White Sox reliever Matt Thornton is off to another great season: 1-0, 1.59 ERA, 10 SO, 1 BB, 5.2 IP. He's pitching even better than in 2008-09, when he was also dominant:
Multiple Seasons: 65+ IP, 2.75 ERA, 10.25+ SO/9, 2.75 BB/9 (Since 1900)
6 Randy Johnson 1995, 1999-2002, 2004
5 Pedro Martinez 1997, 1999-02
3 Billy Wagner 2002-03, 2006
3 Eric Gagne 2002-04
2 Tom Henke 1987, 1989
2 Trevor Hoffman 1997-98
2 Robb Nen 1998, 2000
2 Arthur Rhodes 2001-02
2 J.J. Putz 2006-07
2 Matt Thornton 2008-09
Thornton is unusual in that he is the only pitcher other than Arthur Rhodes with multiple seasons who was not a closer or starter. Thornton did take over as closer at the end of September last year when Bobby Jenks was hurt and converted 3 saves. Thornton obviously has the stuff to be a good closer, and he'll probably jump back into the role if Jenks is hurt or traded.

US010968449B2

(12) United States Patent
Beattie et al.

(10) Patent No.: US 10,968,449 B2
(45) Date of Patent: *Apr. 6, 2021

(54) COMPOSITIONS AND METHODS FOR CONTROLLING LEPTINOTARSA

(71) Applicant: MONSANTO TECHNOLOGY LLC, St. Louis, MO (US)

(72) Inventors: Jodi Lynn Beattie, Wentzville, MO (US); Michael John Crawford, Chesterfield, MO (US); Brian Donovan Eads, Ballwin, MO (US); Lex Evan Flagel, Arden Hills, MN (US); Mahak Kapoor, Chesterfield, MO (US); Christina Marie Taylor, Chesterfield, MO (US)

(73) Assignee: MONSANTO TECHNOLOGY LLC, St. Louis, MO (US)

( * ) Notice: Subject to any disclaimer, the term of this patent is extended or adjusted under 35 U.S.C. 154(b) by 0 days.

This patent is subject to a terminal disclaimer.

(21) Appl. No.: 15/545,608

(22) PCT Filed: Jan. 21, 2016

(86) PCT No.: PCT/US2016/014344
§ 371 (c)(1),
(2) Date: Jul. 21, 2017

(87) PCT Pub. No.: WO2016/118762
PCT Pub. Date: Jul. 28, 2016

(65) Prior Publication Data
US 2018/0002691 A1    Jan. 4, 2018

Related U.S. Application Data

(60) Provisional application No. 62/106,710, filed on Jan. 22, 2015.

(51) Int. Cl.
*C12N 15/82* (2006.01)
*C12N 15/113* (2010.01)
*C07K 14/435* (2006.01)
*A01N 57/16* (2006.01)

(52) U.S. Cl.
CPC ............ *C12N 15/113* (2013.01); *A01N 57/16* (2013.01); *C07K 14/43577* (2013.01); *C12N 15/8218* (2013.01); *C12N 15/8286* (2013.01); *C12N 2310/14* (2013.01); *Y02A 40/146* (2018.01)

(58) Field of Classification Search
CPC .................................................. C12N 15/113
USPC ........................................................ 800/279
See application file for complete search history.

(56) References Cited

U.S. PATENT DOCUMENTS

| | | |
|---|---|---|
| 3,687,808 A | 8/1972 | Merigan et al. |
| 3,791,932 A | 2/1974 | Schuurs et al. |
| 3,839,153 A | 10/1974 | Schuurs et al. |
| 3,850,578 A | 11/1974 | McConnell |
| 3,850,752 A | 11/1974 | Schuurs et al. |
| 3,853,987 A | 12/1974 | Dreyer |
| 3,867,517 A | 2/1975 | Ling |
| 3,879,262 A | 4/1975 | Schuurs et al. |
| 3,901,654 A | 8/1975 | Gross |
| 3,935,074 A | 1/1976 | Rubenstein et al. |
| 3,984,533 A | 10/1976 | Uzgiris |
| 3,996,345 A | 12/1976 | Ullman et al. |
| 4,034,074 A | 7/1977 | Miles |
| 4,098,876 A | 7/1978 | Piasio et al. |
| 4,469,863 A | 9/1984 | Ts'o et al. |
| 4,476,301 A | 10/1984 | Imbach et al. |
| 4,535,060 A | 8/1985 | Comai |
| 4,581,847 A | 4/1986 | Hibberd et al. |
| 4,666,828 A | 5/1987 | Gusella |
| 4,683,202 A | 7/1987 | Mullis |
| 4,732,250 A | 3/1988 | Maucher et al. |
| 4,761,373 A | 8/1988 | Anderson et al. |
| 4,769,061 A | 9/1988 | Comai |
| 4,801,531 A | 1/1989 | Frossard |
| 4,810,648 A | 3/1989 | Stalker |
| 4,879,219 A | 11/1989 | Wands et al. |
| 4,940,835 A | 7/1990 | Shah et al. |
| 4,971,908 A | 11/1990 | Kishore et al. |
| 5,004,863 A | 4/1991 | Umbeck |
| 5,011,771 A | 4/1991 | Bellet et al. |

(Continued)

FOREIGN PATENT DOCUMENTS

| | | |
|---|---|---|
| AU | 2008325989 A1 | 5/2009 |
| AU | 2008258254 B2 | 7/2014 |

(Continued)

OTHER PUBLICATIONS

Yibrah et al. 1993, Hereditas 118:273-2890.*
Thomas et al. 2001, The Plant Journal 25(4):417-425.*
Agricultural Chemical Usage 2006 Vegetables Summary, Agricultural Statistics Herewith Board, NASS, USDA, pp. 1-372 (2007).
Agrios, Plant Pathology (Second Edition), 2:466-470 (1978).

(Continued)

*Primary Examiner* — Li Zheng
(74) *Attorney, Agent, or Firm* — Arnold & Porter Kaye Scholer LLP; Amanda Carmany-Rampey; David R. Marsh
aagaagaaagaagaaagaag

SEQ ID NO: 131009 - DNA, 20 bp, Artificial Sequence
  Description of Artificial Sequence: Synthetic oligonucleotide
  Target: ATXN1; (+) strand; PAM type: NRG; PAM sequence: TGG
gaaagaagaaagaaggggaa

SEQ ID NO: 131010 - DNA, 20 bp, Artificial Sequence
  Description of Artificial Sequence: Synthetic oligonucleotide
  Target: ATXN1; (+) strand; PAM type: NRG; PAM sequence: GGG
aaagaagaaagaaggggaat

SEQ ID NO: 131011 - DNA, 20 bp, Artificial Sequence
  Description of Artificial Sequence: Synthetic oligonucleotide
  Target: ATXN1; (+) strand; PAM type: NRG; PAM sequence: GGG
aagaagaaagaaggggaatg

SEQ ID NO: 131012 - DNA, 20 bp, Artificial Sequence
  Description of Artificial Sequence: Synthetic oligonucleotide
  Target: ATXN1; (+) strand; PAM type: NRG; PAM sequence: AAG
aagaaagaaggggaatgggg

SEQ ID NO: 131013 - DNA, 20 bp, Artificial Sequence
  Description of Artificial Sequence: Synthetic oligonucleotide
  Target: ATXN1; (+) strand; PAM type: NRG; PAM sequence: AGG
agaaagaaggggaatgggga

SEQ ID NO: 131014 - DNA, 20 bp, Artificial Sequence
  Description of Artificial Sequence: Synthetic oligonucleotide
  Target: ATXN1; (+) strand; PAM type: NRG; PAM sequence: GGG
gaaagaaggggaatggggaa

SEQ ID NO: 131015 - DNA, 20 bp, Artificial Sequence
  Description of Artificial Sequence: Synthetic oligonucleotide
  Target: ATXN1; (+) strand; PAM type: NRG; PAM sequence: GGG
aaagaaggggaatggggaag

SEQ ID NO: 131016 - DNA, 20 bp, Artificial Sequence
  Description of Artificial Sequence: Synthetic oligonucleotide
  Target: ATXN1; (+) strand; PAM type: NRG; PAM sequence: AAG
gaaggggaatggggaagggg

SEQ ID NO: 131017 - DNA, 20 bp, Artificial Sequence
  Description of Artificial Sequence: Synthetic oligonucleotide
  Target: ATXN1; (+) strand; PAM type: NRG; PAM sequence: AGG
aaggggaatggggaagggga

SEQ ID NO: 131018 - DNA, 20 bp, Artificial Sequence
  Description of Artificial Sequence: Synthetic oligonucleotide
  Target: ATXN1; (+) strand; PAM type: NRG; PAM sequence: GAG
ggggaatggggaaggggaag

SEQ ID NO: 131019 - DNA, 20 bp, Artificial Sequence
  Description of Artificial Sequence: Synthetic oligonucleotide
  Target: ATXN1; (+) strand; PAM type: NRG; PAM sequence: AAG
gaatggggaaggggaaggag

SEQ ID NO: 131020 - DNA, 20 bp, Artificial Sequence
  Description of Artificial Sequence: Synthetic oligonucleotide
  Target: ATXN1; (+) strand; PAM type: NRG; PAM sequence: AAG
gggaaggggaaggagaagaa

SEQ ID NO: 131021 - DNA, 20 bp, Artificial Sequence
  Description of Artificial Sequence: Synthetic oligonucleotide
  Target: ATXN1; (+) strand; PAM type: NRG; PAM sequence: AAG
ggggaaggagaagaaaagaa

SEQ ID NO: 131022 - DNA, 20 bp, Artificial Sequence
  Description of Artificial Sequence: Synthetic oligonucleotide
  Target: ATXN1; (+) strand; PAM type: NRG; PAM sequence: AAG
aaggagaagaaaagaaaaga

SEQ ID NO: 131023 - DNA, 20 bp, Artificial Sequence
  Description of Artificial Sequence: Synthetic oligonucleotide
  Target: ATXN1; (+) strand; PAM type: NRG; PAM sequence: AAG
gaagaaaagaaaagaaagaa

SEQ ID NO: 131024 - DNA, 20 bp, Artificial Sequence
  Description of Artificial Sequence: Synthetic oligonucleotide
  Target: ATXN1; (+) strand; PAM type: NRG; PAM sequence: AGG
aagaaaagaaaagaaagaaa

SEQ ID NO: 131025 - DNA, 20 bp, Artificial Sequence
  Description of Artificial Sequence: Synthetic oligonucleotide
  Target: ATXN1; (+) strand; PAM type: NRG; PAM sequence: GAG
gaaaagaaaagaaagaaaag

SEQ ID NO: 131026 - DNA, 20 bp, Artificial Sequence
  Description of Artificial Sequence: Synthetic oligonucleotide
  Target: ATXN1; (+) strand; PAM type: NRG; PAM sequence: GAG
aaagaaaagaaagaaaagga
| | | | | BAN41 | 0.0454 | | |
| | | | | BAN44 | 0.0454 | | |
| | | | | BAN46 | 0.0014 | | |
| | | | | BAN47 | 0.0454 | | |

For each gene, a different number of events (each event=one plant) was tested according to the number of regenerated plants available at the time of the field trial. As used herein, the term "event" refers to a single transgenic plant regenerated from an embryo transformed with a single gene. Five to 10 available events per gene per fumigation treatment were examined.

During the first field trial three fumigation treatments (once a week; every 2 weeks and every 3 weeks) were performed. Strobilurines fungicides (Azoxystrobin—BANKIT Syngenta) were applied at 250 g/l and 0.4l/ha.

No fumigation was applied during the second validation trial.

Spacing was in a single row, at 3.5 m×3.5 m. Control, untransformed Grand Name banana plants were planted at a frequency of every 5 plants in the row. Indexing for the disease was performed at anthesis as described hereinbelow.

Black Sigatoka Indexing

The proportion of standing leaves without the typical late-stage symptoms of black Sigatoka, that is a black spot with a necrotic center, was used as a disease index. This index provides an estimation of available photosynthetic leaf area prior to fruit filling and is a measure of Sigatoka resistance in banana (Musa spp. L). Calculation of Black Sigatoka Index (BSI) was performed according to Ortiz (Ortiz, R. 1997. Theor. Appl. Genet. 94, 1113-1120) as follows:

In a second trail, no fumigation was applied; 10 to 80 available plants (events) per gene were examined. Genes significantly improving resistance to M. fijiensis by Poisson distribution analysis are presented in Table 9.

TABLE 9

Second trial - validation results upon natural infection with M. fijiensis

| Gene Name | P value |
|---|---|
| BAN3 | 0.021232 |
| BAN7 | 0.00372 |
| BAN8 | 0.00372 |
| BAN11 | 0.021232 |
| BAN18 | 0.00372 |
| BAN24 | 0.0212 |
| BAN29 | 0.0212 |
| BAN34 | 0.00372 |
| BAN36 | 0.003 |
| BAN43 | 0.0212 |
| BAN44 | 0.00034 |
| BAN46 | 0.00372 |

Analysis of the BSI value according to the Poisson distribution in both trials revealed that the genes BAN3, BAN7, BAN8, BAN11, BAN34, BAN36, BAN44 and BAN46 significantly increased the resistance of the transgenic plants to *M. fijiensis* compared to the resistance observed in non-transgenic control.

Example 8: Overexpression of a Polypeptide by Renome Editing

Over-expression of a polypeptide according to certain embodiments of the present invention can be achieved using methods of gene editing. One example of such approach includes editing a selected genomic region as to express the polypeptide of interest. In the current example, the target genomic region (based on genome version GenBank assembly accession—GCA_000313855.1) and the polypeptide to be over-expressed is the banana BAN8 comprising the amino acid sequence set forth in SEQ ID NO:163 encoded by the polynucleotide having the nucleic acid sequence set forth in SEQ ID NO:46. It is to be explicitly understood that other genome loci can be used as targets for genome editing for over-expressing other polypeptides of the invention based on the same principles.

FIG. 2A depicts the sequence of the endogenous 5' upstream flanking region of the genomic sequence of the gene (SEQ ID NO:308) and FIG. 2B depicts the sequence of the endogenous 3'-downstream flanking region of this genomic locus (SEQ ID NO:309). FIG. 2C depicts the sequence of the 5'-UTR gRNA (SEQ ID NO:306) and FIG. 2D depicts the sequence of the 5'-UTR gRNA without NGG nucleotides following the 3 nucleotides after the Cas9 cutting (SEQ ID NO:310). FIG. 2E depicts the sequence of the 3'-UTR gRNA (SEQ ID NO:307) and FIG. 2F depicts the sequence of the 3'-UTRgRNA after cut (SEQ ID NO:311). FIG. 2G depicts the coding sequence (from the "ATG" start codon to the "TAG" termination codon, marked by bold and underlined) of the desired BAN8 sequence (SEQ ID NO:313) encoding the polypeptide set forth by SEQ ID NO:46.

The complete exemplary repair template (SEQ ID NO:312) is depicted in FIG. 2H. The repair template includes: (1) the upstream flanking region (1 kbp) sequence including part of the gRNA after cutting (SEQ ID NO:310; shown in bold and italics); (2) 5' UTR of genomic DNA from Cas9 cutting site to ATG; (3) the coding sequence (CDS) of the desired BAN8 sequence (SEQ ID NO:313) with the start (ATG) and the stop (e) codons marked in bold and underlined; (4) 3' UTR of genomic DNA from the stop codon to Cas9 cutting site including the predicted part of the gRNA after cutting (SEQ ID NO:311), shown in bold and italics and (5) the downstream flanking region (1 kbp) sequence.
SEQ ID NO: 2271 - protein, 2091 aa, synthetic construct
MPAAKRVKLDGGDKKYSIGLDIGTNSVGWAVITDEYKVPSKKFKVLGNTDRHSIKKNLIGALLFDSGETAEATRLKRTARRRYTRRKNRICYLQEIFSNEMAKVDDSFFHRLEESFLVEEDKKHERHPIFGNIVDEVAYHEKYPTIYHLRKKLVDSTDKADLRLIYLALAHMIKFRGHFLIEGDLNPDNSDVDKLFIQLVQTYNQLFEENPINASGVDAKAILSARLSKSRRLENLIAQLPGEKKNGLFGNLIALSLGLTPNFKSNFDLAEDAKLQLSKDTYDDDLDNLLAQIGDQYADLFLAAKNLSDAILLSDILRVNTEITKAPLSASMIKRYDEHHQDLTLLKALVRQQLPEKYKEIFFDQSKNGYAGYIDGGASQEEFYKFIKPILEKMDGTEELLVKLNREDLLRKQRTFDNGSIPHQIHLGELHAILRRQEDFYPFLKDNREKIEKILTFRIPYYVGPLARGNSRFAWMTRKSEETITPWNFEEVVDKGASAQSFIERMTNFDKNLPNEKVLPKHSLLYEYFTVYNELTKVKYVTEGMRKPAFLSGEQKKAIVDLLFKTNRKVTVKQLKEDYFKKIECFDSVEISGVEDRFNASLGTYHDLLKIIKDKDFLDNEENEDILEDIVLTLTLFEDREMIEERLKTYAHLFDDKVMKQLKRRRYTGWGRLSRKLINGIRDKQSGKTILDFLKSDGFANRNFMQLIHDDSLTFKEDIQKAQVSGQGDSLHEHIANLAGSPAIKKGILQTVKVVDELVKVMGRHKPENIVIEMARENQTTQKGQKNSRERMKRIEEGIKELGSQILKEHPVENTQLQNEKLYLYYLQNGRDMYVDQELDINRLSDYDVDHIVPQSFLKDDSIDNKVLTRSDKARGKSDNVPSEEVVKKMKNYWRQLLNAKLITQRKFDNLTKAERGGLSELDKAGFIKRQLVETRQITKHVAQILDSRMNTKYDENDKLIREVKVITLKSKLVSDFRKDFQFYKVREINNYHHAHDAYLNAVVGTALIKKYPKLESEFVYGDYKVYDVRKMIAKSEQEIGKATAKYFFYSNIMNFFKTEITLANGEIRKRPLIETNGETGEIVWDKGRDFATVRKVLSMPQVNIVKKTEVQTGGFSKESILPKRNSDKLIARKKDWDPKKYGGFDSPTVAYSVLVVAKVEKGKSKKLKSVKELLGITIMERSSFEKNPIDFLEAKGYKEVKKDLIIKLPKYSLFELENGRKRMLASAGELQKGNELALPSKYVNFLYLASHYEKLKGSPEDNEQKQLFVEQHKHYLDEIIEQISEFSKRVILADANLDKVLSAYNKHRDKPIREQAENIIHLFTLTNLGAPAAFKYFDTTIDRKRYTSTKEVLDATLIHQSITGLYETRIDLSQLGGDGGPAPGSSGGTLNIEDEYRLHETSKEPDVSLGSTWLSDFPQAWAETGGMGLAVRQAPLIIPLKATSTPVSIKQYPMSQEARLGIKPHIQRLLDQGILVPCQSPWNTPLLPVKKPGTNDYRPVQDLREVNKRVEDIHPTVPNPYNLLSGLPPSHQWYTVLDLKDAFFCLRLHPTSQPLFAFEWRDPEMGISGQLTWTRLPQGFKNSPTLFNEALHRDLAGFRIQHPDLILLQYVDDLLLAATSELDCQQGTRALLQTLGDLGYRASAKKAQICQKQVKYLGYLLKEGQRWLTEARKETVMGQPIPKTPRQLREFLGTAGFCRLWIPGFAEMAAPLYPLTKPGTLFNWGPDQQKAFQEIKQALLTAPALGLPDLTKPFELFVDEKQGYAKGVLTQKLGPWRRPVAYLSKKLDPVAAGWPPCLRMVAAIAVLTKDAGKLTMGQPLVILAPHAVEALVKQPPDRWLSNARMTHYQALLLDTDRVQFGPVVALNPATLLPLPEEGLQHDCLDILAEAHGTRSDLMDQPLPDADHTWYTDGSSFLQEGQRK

Thornton, who is 33, has a club option for 2011 with the White Sox. There's no reason to think that he can't be a fine closer, but it's worth noting that Arthur Rhodes was wasn't effective when he finally got his chance to close in 2004 with Oakland (at the age of 34). Fortunately, Rhodes did bounce back and become an effective set-up man again and is still pitching at age 40.
On the other hand, plenty of other pitchers without the track record of Thornton have made the transition effectively, such as Heath Bell, Ryan Franklin, David Aardsma and, so far at least, Jon Rauch. As great as being closer can be, though, seeing what happened with Mike Gonzalez and Jason Frasor in the past few weeks might be enough give one pause if they would even want the position.
Thornton's already in great company and will probably succeed if he gets another chance to close at some point. If he doesn't become a great closer, though, being the next Arthur Rhodes isn't so bad.